Smarter QA/QC

When working with large models and large teams, knowing ‘what is in the model’ can be almost impossible to determine. The rate at which people are adding elements is faster than the speed at which we can check them. Our qa/qc tools are not in line with our speed of production. Running model checks against a set performance standard is another big opportunity here. The information is there, we just need to be able to see it in the right form, and it needs to come to us at the right speed. It needs to keep up with production.

The Cone of Uncertainty

I recently sat in a call for a project where two separate cost consultants where being given the opportunity to engage the BIM process and take advantage of any model-based data they could derive. The client was allowing them some time to engage the process and use the project as a pilot to identify their own gaps, whatever those may be.

After some talk, a leading voice emerged making the claim that the traditional method would be preferable as it would be the fastest. The comparison focused on expediency to produce the same product that was required by industry standard and their scopes. Based on these parameters, this person was probably correct. The chips were stacked against the new process as the lack of experience in the tools alone would doom the surveyors to a slower process than usual.

These parameters, however, failed to make a true comparison since the two products would be fundamentally different. The traditional method would lead them to a reasonably accurate pricing estimate, but with some considerable allowance due to uncertainty. The new process would require this allowance as well, but the introduction of the transparency afforded to us by a design model being made available should move the needle.

In software development project management, the Cone of Uncertainty represents the ‘…evolution of the amount of uncertainty during a project.‘ (source) The premise is that at the onset of a project, little is actually known about what the product will look like in the end and how it is going to be made. As we move through the process of design and development, decisions are made, paths are selected until eventually unknowns ‘…decrease, reaching 0% when all residual risk has been terminated or transferred. This happens by the end of the project i.e. by transferring the responsibilities to a separate maintenance group.’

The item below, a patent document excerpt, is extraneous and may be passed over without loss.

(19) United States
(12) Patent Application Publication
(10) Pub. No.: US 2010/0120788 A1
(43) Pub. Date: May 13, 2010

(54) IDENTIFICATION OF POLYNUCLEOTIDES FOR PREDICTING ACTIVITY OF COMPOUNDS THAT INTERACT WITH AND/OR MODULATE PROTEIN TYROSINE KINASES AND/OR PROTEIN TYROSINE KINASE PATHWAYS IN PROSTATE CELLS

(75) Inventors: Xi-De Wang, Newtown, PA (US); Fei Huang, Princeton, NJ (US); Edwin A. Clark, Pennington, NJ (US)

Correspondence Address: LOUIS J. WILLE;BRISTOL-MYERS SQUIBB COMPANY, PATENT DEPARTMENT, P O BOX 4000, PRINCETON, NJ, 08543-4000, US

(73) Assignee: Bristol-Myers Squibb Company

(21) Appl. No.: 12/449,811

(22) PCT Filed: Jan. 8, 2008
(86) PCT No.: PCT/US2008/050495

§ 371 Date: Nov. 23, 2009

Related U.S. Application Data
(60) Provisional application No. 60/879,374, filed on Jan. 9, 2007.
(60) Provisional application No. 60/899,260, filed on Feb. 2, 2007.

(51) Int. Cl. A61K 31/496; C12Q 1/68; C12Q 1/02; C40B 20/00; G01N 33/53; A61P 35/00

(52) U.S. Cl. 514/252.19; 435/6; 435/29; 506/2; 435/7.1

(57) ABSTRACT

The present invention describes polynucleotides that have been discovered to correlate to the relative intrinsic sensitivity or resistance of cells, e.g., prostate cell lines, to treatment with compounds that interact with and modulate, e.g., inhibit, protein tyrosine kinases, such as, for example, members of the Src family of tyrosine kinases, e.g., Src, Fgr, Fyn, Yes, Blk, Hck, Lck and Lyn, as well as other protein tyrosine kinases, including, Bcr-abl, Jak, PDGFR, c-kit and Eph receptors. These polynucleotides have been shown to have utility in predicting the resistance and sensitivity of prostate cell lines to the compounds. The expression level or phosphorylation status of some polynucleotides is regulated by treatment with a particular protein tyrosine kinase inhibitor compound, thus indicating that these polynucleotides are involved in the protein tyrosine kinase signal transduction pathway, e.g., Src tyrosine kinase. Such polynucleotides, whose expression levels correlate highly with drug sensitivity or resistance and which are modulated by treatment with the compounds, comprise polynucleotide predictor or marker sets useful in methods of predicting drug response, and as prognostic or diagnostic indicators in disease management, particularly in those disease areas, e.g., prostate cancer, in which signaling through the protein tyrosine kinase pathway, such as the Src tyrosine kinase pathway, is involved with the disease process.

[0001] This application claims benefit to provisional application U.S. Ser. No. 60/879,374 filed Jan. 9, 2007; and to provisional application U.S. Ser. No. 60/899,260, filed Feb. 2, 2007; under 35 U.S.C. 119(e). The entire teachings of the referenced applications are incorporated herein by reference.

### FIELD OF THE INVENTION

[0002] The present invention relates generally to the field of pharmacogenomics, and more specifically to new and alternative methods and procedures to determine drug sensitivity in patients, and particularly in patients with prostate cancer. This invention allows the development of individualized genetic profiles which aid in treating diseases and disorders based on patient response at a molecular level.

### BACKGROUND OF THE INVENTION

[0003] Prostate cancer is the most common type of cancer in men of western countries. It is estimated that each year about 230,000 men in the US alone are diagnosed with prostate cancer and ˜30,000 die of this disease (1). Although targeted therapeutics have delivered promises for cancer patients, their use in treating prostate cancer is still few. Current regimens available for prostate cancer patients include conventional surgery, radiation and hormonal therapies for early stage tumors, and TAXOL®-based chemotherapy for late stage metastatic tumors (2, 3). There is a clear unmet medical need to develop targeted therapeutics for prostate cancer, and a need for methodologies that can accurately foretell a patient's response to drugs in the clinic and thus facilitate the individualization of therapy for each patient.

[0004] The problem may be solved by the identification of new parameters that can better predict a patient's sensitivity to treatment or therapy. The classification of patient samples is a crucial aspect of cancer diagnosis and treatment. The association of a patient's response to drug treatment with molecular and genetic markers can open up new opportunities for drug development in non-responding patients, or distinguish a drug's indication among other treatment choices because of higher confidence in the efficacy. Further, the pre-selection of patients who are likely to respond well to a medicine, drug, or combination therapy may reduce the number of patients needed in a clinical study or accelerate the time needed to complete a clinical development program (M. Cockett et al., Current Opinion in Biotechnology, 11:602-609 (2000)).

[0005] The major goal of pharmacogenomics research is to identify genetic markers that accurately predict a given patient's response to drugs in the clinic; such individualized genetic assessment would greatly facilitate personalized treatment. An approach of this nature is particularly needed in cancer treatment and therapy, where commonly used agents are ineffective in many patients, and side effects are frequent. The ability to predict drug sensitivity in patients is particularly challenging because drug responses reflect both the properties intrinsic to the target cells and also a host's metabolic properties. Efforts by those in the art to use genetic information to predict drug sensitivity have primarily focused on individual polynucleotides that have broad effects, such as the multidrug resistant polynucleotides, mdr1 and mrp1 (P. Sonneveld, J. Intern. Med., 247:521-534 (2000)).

Source: via Federico on Pinterest

The same article states that “Most environments change so slowly that they can be considered static for the duration of a typical project, and traditional project management methods therefore focus on achieving a full understanding of the environment through careful analysis and planning.” This strikes a clear parallel with the traditional design stages of the design delivery process. A lot of work is done through design development and construction documents to more clearly define a building’s scope of work. ‘Careful analysis and planning’ is done, sometimes for years, to come up with a set of specifications and drawings that will act as the basis for design in the bidding and construction phase. 

It continues “Well before any significant investments are made, the uncertainty is reduced to a level where the risk can be carried comfortably.” It stands to reason then that a rich source of insight into the designer’s intent – as is the model – would go a long way to move the dial farther to the right in the above graph. Even in a model of poor craft, having a clear understanding of the ‘gaps’ in the design is of value.

Model and data driven approaches to studying how a model was built and the intent behind it then should derive a richer context for the quantity surveyor, essentially ‘de-risking’ the estimating process by increasing transparency and democratizing access to information.

The person described above identified risk in the many unknowns that came with the new process and new information, and would act to mitigate that risk by recommending we don’t engage it. Instead, he should see the opportunity to provide a more complete estimate at an earlier time in the project schedule. Essentially, a more complete estimate, earlier in time and with less unknowns. This, regardless of whether a model existed, should be at the core of their research and development efforts internally. In this case, they are being given the opportunity to work with a client jointly on that R&D. I hope they take that chance.